Be careful with ticket scalper sites -


Be careful with ticket scalper sites

If you're just Googling for a ticket, you could be asking for trouble. Third-party ticket resellers love search engines. All they have to do is buy an ad on Google or Yahoo that puts their link at the top of the page and looks just enough like the real venue.

Then boom: They're snaring consumers like Libba Ellington.

Ellington didn't know The Orpheum Theatre's web address by heart, so she Googled it to hunt for tickets to an upcoming show. The first site that popped up was Box Office Memphis.

To her, it sounded local - like The Orpheum's box office. But it wasn't. Ellington wished she knew, because she plugged in her credit card and bought four tickets for about $53 a piece.

When the tickets arrived, their face value was $15 a piece.

"I felt like, at that point, I had been taken advantage of," said Ellington.

Box Office Memphis is really Secure Box Office based in Mercer Island, Washington.

Teresa Ward, vice president of ticket sales for The Orpheum Theatre, said Aaron and Aileen Song of Song Entertainment run Secure Box Office. Ward said they set up dozens of secondary market web sites made to look like they're stationed in any city:  Box Office Atlanta, Box Office Seattle, etc.

The Songs didn't return our attempts to reach them. Ward's not surprised.

"Sites (like Box Office Memphis) use 'robots' to buy tickets from the actual venue," said Ward. "They can actually grab up the first few rows in a minute's time. We can't tell when someone's gobbling up blocks of tickets because they will use different names or same name, different addresses, different credit cards."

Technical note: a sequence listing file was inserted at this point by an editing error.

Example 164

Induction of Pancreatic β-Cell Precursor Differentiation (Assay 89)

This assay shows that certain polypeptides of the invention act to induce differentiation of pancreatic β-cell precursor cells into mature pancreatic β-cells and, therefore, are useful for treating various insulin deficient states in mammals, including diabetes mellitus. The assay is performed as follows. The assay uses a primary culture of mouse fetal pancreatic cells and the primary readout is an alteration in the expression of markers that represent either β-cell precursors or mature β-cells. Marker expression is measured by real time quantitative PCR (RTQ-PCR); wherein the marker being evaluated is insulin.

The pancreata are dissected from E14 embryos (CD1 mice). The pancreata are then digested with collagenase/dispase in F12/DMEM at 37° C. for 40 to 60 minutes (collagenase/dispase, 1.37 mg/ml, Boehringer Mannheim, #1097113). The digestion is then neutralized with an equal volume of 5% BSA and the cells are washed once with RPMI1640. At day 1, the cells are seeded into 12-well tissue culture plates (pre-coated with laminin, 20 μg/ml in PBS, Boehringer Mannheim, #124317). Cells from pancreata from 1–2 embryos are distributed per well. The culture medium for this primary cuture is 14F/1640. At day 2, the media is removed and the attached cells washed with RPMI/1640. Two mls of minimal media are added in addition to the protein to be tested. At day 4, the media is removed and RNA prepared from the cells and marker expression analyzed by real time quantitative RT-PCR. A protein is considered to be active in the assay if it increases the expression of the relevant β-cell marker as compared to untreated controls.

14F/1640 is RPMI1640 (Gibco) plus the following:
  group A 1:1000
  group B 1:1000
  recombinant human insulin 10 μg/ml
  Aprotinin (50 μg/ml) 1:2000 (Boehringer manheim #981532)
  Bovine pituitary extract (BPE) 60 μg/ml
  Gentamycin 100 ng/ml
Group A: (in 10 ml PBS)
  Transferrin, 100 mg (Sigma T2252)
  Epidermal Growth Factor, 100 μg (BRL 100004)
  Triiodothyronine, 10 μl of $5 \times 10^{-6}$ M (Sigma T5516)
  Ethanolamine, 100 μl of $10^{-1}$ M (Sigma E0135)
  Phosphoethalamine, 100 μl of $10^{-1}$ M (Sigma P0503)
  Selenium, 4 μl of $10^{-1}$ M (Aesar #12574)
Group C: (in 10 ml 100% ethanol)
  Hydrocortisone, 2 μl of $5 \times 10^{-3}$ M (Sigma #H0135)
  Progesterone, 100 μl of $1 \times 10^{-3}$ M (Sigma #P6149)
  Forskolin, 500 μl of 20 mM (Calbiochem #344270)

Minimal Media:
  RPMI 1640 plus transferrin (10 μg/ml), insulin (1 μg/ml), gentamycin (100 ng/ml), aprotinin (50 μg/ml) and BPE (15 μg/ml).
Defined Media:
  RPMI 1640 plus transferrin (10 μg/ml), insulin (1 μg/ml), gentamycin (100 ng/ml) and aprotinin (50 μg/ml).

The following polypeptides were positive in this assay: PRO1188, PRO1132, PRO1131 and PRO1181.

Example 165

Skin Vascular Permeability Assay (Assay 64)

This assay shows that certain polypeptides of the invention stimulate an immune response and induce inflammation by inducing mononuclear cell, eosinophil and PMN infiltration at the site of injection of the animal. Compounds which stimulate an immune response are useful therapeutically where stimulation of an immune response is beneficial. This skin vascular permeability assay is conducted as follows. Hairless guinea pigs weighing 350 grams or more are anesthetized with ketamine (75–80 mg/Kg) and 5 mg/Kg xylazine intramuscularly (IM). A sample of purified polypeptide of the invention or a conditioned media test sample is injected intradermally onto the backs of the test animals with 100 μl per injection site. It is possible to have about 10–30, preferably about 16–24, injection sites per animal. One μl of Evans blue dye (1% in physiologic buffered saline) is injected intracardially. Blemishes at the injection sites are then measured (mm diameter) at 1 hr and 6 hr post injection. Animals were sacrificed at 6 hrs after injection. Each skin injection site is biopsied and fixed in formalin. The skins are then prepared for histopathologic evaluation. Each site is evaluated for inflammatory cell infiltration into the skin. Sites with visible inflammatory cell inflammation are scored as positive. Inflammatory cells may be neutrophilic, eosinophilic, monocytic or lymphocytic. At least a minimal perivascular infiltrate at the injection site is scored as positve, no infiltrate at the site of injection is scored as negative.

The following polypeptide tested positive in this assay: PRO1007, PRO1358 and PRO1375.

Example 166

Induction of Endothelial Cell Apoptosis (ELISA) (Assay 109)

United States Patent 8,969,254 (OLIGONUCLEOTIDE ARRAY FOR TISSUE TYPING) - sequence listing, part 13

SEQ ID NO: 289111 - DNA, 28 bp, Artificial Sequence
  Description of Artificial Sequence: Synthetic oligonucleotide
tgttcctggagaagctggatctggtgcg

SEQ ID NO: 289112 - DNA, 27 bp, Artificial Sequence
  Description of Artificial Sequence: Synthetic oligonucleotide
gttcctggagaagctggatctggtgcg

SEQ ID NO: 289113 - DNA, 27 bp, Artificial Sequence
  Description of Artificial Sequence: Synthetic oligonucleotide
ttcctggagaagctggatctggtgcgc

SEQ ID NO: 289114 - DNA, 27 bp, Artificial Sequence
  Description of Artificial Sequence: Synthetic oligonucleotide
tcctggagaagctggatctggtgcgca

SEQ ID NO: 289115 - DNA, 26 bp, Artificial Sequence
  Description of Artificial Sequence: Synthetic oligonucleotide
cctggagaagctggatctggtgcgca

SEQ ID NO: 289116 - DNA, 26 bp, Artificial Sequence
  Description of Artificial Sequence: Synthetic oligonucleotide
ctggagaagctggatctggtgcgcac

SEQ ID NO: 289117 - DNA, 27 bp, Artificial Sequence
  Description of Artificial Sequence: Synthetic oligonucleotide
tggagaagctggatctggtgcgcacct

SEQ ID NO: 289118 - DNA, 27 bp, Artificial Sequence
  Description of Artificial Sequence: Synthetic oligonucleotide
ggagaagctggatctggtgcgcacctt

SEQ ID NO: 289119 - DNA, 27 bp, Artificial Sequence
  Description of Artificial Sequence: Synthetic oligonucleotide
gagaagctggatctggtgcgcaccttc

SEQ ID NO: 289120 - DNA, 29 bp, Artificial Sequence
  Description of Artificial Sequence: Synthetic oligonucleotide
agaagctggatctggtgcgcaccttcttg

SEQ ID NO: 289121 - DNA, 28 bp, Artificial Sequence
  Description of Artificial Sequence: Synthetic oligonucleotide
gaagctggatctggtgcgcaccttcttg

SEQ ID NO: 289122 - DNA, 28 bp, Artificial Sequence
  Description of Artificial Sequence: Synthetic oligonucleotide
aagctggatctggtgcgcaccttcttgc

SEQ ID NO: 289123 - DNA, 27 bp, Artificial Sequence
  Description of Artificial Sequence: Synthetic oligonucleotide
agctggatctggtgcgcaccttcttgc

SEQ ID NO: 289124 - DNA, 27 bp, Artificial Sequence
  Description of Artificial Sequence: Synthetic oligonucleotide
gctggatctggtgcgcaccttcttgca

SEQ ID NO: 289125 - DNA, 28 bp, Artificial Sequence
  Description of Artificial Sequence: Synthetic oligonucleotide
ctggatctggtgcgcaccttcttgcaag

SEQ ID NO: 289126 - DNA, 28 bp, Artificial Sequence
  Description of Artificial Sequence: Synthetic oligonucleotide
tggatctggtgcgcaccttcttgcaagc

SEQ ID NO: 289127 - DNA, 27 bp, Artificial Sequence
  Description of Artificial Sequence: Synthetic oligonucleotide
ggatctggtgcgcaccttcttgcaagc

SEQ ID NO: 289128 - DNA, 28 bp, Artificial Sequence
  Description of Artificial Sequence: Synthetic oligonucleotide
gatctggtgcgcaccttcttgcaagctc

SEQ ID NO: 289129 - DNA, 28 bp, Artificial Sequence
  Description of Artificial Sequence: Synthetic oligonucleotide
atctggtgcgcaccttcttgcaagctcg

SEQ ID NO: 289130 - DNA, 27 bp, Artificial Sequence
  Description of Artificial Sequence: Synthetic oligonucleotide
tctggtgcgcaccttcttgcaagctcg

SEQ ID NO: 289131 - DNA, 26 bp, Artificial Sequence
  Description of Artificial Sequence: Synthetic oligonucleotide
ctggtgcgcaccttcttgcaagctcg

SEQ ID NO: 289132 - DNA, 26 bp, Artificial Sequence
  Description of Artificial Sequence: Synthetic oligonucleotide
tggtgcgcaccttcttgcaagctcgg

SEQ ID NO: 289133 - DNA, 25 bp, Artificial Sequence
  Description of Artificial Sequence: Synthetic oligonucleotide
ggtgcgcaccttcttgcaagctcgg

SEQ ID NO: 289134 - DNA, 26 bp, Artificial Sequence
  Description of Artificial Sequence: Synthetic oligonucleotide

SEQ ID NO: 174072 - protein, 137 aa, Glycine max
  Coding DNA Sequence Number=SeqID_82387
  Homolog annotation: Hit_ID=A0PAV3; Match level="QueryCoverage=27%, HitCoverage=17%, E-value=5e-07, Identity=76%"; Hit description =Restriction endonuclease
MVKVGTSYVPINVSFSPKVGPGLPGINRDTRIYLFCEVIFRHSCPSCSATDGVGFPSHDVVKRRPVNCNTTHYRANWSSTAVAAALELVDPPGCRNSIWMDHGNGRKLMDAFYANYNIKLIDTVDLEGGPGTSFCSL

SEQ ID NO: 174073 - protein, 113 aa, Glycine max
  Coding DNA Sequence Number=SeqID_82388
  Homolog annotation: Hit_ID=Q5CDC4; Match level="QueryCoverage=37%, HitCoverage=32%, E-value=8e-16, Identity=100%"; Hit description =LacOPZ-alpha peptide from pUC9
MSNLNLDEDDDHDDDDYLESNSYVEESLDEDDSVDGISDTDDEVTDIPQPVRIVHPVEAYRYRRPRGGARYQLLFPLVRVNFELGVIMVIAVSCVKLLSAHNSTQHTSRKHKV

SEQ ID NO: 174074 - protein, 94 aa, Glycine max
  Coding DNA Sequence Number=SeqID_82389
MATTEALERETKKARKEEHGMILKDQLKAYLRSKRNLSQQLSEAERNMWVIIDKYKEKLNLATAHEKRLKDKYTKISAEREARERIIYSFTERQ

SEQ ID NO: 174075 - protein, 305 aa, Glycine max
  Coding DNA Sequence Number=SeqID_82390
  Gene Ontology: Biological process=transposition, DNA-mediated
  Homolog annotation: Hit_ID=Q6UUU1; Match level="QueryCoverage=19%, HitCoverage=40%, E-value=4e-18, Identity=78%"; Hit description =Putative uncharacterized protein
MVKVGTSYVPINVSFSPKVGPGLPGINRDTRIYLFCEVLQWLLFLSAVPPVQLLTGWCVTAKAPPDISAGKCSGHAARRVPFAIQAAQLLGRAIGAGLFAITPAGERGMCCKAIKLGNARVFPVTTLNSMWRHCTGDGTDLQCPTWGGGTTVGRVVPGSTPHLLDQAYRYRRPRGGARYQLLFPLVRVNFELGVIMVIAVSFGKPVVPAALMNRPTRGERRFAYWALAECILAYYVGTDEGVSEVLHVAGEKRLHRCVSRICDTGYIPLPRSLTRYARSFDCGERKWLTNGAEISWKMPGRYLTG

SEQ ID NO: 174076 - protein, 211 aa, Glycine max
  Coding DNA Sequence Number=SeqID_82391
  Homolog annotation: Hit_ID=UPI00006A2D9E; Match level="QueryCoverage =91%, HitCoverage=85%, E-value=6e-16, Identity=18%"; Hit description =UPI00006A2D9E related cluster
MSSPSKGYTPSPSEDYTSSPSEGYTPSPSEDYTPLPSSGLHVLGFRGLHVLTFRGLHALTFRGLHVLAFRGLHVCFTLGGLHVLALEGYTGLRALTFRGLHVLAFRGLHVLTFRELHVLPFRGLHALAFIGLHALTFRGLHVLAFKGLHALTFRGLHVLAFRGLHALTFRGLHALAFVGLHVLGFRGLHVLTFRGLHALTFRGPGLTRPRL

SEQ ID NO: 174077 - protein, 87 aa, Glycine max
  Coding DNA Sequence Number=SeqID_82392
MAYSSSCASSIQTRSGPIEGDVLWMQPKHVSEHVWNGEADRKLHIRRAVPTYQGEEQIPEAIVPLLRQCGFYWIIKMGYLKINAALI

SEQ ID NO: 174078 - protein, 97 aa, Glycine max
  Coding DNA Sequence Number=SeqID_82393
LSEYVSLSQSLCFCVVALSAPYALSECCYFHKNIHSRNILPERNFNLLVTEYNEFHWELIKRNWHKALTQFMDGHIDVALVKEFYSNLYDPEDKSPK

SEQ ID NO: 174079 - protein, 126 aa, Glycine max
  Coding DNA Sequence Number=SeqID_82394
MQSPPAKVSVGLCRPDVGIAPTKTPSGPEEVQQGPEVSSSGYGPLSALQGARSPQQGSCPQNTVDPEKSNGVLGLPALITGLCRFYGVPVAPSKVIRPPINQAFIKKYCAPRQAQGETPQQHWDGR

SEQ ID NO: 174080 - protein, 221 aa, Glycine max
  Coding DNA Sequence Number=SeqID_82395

Ward said sometimes, an unauthorized ticket reseller doesn't even have possession of the tickets it's advertising. It uses what Ward calls "speculative ticketing" to see just how much buyers will pay before the broker grabs stacks of tickets.

That's assuming the broker actually buys the tickets. Ward said a friend found that out when he bought show tickets from a broker he thought The Orpheum had authorized.

"And he never got the tickets," Ward said. "He was buying 'speculative tickets' without knowing it. They never had the tickets."


* A venue's legitimate site or its authorized ticket site will always say, "The official site..." A scalper site may say "official tickets" or "official vendor," but it cannot say "official site" under violation of law, according to The Orpheum's Vice President of Ticket Sales, Teresa Ward.

* CODE WORDS/PHRASES. Third-party resale sites will say "not affiliated with venue," "secondary market" or "resale marketplace."

* MISSPELLINGS. Scalper sites tend to be loose with their spelling. We found one that spelled official "offiicial." Some will say "theater" when the official venue spells it "theatre."

* MISSING SEAT LOCATIONS. Resale sites often do not reveal the tickets' seat locations. That's because some sites don't actually have the tickets in their inventory yet.

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